9. I can confirm that it also works with inkjet transparencies. It took me only one minute to cut the outside with scissors. Brilliant idea! Thank you again Steve for the advice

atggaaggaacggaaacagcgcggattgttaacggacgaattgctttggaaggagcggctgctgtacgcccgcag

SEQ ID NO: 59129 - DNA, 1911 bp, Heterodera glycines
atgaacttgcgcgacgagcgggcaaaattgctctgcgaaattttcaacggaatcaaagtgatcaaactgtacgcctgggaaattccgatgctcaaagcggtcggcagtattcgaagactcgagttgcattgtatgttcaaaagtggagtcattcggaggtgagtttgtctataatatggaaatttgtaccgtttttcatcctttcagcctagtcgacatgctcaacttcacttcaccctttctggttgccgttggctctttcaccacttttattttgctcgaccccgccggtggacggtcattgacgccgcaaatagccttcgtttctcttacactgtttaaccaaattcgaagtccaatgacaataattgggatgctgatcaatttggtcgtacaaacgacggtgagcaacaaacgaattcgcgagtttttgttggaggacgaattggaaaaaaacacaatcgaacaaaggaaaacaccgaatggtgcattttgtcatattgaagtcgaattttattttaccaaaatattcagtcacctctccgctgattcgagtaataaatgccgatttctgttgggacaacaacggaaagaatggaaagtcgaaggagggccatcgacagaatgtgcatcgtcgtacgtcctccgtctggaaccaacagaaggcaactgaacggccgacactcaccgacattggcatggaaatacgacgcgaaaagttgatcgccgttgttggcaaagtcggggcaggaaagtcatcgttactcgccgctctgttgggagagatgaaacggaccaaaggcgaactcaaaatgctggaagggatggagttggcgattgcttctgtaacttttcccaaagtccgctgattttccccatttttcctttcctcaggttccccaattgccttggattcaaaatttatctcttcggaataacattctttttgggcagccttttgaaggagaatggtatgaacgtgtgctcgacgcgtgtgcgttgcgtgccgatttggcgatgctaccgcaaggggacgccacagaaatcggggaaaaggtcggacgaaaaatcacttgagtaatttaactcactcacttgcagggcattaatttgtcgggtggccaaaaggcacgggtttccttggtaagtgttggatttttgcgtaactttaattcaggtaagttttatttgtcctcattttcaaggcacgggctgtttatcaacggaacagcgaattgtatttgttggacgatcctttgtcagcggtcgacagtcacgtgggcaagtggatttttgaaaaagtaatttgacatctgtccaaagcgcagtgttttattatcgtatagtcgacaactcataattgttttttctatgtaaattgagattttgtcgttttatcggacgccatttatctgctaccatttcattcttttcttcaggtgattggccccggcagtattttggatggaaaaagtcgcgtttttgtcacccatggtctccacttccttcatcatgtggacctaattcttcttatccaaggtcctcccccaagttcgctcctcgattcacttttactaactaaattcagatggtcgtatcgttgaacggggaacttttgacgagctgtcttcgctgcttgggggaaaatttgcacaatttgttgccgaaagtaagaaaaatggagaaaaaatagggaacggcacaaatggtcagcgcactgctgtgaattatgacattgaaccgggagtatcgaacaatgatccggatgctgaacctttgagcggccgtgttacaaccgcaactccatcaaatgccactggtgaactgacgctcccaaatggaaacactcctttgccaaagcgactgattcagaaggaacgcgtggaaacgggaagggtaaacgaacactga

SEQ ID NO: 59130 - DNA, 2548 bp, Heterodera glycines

10. First I like to thank you Steve for the great idea you have to use inkjet transparency!!! I didn't tried it yet but this was my purpose when I first asked if we can find any improvements in the procedure. Collaboration is a great thing. Yes, you have right. As I can see if we want to test with a street lamp must be hundreds meters away and strong, so to be as crisp as it can and create spikes. But never will be as good as a star. Those are good news! Your description is very accurate Steve. Of course because I am a little "sensitive" with miscollimation and usually I spend hours in observation, I am trying to fix also small misalignments to avoid fatigue. But this is something personal and everybody can have different tolerance in miscollimation. To tell me how easy is the conditional alignment with the "crossed Bahtinov" technique will be a precious information. For me is easy to align my binoculars this way, and I hope also to be for you all. As regards the name I thing you have already found a descriptive name better than I can! Mark, Peter (Psychobilly) has right. I use Bahtinov mask when I test binoculars. Before some days I tested an Helios Quantum 4 20X80. I found a matter with the width of focus, and was not easy to tell if I was at the right focus for the test. Using a Bahtinov the problem solved easy. Thank you all for the time you have spend already to this. I will be glad if somebody else will try it and review it.